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[ICLR'22] [KDD'22] [IJCAI'24] Implementation of "Graph Condensation for Graph Neural Networks"

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[ICLR 2022] The PyTorch implementation for "Graph Condensation for Graph Neural Networks" is provided under the main directory.

[KDD 2022] The implementation for "Condensing Graphs via One-Step Gradient Matching" is shown in the KDD22_DosCond directory. See link.

[IJCAI 2024] Please read our recent survey "A Comprehensive Survey on Graph Reduction: Sparsification, Coarsening, and Condensation" for a detailed review of graph reduction techniques!


We propose and study the problem of graph condensation for graph neural networks (GNNs). Specifically, we aim to condense the large, original graph into a small, synthetic and highly-informative graph, such that GNNs trained on the small graph and large graph have comparable performance. Extensive experiments have demonstrated the effectiveness of the proposed framework in condensing different graph datasets into informative smaller graphs. In particular, we are able to approximate the original test accuracy by 95.3% on Reddit, 99.8% on Flickr and 99.0% on Citeseer, while reducing their graph size by more than 99.9%, and the condensed graphs can be used to train various GNN architectures.

A Nice Survey Paper

Please check out our survey paper blew, which summarizes the recent advances in graph condensation.

imageimageimage[A Comprehensive Survey on Graph Reduction: Sparsification, Coarsening, and Condensation]


Please see requirements.txt.


Download Datasets

For cora, citeseer and pubmed, the code will directly download them; so no extra script is needed. For reddit, flickr and arxiv, we use the datasets provided by GraphSAINT. They are available on Google Drive link (alternatively, BaiduYun link (code: f1ao)). Rename the folder to data at the root directory. Note that the links are provided by GraphSAINT team.

Run the code

For transductive setting, please run the following command:

python --dataset cora --nlayers=2 --lr_feat=1e-4 --gpu_id=0  --lr_adj=1e-4 --r=0.5  

where r indicates the ratio of condensed samples to the labeled samples. For instance, there are only 140 labeled nodes in Cora dataset, so r=0.5 indicates the number of condensed samples are 70, which corresponds to r=2.6%=70/2710 in our paper. Thus, the parameter r is different from the real reduction rate in the paper for the transductive setting, please see the following table for the correspondence.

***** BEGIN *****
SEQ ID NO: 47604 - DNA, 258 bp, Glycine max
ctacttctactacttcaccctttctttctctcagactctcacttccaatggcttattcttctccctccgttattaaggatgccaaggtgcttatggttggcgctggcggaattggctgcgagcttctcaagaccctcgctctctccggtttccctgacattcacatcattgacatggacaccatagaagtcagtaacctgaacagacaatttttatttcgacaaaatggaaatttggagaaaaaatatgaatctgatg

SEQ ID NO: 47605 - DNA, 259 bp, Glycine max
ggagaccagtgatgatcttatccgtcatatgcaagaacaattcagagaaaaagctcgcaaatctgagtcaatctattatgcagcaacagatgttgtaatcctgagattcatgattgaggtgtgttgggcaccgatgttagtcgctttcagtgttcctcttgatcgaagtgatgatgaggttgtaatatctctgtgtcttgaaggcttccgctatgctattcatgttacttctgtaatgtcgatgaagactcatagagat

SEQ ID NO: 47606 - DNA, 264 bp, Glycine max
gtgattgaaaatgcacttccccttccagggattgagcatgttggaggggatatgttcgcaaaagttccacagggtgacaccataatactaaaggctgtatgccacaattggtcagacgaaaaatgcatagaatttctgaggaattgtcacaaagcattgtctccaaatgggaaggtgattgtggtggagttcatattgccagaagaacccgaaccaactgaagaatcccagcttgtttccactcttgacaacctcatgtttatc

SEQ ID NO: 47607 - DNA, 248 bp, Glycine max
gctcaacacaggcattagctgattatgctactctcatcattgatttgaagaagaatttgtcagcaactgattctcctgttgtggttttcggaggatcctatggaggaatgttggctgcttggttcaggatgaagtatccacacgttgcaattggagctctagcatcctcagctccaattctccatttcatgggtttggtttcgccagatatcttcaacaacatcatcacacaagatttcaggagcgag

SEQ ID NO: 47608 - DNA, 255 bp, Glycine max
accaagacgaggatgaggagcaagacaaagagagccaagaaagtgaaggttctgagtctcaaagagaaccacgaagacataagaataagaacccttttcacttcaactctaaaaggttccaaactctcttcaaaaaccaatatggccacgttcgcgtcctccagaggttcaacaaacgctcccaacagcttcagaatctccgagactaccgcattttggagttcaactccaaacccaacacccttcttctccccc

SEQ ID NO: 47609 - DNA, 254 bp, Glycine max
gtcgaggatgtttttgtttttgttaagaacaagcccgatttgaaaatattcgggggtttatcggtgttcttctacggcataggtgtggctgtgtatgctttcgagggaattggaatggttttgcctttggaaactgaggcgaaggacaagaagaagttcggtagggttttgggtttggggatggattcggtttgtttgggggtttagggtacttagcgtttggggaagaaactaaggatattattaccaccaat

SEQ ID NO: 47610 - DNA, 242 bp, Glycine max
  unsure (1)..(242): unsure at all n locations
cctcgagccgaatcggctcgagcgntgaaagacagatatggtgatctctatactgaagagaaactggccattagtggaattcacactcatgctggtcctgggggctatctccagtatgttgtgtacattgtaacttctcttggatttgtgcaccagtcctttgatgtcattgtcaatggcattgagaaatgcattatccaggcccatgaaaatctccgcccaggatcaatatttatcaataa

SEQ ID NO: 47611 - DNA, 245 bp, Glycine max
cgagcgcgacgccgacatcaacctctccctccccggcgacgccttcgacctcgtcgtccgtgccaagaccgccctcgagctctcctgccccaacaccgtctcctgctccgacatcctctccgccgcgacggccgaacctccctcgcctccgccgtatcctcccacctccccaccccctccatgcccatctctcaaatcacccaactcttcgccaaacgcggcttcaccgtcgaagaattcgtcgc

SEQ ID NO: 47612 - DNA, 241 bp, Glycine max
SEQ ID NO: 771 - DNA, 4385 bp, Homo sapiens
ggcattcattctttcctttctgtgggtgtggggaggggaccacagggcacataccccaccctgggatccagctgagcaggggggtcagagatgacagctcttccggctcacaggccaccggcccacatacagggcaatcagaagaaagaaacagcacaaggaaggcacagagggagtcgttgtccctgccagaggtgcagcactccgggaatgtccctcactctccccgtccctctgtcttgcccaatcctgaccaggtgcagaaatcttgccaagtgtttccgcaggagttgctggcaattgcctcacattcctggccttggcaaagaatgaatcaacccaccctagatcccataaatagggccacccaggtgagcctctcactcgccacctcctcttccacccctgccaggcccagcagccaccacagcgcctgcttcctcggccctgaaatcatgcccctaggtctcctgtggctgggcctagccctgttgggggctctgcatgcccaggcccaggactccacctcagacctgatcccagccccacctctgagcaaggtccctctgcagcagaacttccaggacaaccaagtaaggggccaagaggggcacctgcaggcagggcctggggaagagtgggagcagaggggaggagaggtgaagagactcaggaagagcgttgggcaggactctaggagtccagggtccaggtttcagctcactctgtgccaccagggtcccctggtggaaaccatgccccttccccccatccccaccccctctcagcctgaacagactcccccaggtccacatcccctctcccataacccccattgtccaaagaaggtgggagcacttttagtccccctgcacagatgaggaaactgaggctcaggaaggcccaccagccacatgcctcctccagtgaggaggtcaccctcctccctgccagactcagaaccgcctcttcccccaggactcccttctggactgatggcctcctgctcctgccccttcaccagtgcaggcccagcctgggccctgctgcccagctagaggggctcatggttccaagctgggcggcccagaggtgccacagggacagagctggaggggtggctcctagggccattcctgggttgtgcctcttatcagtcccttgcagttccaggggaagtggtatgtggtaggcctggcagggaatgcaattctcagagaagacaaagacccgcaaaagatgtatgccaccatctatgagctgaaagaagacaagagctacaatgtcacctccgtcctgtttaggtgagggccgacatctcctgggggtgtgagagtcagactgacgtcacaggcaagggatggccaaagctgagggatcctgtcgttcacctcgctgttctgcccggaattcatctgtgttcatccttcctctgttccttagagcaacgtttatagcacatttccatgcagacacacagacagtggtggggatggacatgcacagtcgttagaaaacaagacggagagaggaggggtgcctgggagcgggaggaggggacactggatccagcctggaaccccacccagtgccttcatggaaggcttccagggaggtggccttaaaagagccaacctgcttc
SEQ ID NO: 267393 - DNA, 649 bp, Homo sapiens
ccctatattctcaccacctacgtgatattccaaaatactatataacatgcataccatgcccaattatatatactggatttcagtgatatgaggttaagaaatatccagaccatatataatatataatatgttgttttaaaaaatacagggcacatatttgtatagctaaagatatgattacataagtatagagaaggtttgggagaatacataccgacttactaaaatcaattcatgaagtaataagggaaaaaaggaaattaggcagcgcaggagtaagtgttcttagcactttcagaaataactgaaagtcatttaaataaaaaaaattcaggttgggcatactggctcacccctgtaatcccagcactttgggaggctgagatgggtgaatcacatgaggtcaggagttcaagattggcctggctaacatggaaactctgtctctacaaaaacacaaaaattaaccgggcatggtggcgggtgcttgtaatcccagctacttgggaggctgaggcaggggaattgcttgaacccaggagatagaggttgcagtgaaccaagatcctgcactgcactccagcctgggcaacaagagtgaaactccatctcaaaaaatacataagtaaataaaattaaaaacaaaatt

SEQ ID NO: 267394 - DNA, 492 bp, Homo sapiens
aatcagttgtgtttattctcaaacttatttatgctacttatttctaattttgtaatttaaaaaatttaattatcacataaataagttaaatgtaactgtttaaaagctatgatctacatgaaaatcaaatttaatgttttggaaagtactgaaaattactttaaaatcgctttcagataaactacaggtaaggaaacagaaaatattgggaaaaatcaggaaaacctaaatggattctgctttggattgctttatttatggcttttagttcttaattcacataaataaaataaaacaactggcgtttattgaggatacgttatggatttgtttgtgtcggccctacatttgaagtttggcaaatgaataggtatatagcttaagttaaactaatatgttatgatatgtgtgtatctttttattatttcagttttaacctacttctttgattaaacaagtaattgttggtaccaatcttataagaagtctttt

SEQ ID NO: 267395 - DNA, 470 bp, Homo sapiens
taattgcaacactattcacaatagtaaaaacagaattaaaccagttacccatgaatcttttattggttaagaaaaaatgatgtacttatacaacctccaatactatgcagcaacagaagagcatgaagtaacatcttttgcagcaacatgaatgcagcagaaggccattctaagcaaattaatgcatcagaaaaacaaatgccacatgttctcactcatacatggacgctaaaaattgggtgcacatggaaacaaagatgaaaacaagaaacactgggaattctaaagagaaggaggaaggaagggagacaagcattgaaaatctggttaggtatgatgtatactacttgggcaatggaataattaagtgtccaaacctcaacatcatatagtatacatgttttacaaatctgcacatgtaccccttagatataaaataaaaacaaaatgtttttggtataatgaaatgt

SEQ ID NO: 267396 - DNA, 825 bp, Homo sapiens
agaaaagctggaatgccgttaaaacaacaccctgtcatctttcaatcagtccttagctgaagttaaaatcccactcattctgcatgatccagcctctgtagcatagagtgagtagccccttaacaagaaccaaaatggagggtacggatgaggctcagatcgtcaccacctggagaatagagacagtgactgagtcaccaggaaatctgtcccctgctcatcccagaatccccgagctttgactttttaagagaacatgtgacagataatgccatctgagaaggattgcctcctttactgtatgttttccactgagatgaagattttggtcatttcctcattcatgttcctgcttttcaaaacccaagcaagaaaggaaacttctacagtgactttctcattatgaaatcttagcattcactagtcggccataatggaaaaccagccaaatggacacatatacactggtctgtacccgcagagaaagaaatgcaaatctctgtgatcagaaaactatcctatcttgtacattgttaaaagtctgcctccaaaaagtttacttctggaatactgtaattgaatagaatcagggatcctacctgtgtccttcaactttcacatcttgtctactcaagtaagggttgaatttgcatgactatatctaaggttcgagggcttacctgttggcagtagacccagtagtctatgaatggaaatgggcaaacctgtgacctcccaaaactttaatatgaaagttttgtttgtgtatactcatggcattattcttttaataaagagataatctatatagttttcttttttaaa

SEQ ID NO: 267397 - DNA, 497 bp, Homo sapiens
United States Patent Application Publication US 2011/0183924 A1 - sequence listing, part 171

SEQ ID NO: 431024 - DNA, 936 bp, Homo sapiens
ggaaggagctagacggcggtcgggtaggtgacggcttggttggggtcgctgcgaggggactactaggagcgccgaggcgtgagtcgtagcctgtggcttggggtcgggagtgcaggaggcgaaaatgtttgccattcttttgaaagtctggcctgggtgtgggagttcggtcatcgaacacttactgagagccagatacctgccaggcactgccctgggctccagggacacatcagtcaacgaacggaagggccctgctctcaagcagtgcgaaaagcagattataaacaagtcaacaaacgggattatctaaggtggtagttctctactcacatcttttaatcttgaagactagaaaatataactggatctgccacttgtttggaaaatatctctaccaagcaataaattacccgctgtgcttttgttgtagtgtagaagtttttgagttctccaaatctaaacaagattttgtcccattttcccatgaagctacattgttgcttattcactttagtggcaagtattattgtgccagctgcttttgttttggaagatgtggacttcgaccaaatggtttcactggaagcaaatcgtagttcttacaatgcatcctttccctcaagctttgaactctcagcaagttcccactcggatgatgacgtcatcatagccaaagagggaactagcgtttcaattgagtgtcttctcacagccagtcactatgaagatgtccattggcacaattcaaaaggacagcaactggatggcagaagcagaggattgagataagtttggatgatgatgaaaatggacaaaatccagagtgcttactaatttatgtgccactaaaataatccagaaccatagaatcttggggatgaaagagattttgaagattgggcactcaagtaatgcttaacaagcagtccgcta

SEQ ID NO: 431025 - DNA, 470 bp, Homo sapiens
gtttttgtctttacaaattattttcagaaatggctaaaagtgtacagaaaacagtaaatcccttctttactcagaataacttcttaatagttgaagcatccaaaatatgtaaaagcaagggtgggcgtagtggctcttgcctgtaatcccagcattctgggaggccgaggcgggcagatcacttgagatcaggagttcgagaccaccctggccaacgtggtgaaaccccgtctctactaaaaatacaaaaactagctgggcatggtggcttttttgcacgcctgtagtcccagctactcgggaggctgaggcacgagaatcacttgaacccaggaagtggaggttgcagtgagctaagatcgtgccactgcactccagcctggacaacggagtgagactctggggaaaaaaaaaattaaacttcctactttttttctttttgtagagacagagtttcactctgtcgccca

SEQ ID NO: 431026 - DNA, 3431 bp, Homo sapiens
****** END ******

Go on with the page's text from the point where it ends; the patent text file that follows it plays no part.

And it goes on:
r in the code r in the paper (real reduction rate)
Transductive Cora, r=0.5 Cora, r=2.6%
Transductive Citeseer, r=0.5 Citeseer, r=1.8%
Transductive Ogbn-arxiv, r= 0.005 Ogbn-arxiv, r=0.25%
Transductive Pubmed, r=0.5 Pubmed, r=0.3%
Inductive Flickr, r=0.01 Flickr, r=1%
Inductive Reddit, r=0.001 Reddit, r=0.1%

For inductive setting, please run the following command:

python --dataset flickr --nlayers=2 --lr_feat=0.01 --gpu_id=0  --lr_adj=0.01 --r=0.005 --epochs=1000  --outer=10 --inner=1

Reproduce the performance

The generated graphs are saved in the folder saved_ours; you can directly load them to test the performance.

For Table 2, run bash scripts/

For Table 3, run bash scripts/

[Faster Condensation!] One-Step Gradient Matching

From the KDD'22 paper "Condensing Graphs via One-Step Gradient Matching", we know that performing gradient matching for only one step can also achieve a good performance while significantly accelerating the condensation process. Hence, we can run the following command to perform one-step gradient matching, which is essentially much faster than the original version:

python --dataset citeseer --nlayers=2 --lr_feat=1e-2 --lr_adj=1e-2 --r=0.5 \
    --sgc=0 --dis=mse --gpu_id=2 --one_step=1  --epochs=3000

For more commands, please go to KDD22_DosCond.

[Note]: I found that sometimes using MSE loss for gradient matching can be more stable than using ours loss, and it gives more flexibility on the model used in condensation (using GCN as the backbone can also generate good condensed graphs).

Whole Dataset Performance

When we do coreset selection, we need to first the model on the whole dataset. Thus we can obtain the performanceo of whole dataset by running and

python --dataset cora --r=0.01  --method=random
python --dataset flickr --r=0.01  --method=random

Coreset Performance

Run the following code to get the coreset performance for transductive setting.

python --dataset cora --r=0.01  --method=herding
python --dataset cora --r=0.01  --method=random
python --dataset cora --r=0.01  --method=kcenter

Similarly, run the following code for the inductive setting.

python --dataset flickr --r=0.01  --method=kcenter


If you find this repo to be useful, please cite our two papers. Thank you!

    title={Graph Condensation for Graph Neural Networks},
    author={Wei Jin and Lingxiao Zhao and Shichang Zhang and Yozen Liu and Jiliang Tang and Neil Shah},
    booktitle={International Conference on Learning Representations},
  title={Condensing Graphs via One-Step Gradient Matching},
  author={Jin, Wei and Tang, Xianfeng and Jiang, Haoming and Li, Zheng and Zhang, Danqing and Tang, Jiliang and Yin, Bing},
  booktitle={Proceedings of the 28th ACM SIGKDD Conference on Knowledge Discovery and Data Mining},


[ICLR'22] [KDD'22] [IJCAI'24] Implementation of "Graph Condensation for Graph Neural Networks"







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